The more people who see a bit of themselves in a brand, the greater the chance they’ll eventually become customers. (Starting my vintage Porsche 911 savings fund now.)

And stories define value.  

We believe that the true value of a product is defined by its story. Take the Emeco Navy Chair for instance. This largely unremarkable industrial chair with its bent square tubing and brushed bare aluminum finish doesn’t conjure up the cutting edge design that typically comes with its $575 per chair price tag.

Initially built for use on submarines in 1944, the Emeco Navy Chair needed to be light-weight and virtually indestructible. When engineer Wilton C. Dinges threw his prototype chair out an 8th story window to demonstrate the durability of his design, he landed the Navy contract and a spot in design history. The brand continues to tell the story of this lasting craftsmanship by highlighting the 77 steps it takes to create the Navy Chair by hand.

Illustration of video storytelling you can binge-watch. Woman hugging her adorable dog, friends clinking drinks for a cheers, man on bicycle.

Brand Storytelling with Video

Video is a potent tool for brands to tell stories, and should be a central piece to any brand storytelling strategy. It’s also our favorite medium for helping brands tell stories. There is plenty of science that demonstrates the power visuals have on our decision making ability. We are capable of processing visuals and video much quicker than other forms of storytelling. Additionally, telling video brand stories with an episodic content model helps retain your audience’s attention for a prolonged period of time.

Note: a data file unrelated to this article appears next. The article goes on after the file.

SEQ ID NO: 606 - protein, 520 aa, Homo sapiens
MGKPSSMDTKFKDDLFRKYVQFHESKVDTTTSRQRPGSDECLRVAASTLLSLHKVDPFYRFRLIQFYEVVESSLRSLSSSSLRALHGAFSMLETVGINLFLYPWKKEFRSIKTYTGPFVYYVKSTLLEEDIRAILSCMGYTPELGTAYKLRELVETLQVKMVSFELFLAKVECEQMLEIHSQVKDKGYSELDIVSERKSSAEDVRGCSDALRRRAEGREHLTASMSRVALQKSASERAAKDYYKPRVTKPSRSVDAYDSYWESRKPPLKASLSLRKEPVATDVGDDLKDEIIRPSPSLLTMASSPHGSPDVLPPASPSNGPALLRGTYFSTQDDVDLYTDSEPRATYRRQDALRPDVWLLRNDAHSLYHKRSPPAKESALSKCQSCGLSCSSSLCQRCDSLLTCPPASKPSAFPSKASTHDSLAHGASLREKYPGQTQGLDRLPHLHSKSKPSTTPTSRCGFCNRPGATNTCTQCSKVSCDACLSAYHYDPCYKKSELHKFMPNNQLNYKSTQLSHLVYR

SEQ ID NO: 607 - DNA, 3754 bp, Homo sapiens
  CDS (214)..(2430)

The 4 basics elements of Brand Storytelling.

When we think of the basics of brand storytelling, we focus on four main story pillars: values, heroes, conflicts, and triumphs.

1. Values

At the heart of every great brand story is a set of clearly defined values – big ideas that make up the identity and personality of the brand. Brand values are typically used as a guiding light for company culture, however brands that embrace their values find a way to infuse them into every interaction customers have with the brand. In storytelling, brand values lay the foundation for narrative perspective, and influence why a story is told in a particular way.

Take, for example, this storytelling video from Patagonia. In it, we learn about a young mountain biker named Brooklyn Bell who explores topics of inclusion and representation in the sport she loves. Nowhere in the story are we told what Patagonia’s brand values are, but by celebrating a hero like Brooklyn we immediately understand that Patagonia places a high value on inclusivity and access to the outdoors.

2. Heroes

For a story to really resonate and connect with an audience, it needs to have a hero people can see a bit of themselves in. Heroes are who we cheer for and empathize with when they face seemingly impossible conflicts. So, it’s a bit of a head scratcher when we see brands attempting to make their products and services the hero of their marketing stories. Products and services can play a supporting role to overcoming conflicts and areas of tension, but when you’re looking for a hero to your brand story the first logical place to turn is to your customers.


Heroes are who we cheer for and empathize with when they face seemingly impossible conflicts.

To accompany their suite of tools designed to help entrepreneurs build and grow, Mailchimp launched Mailchimp Presents: an entertainment platform filled with inspiring podcasts, documentaries, and multiple original series. This content doesn’t celebrate Mailchimp as the hero of the stories. Instead, the focus is placed on the entrepreneurs and small business owners that embody their ideal customer and the challenges they’ll likely face through their business journeys.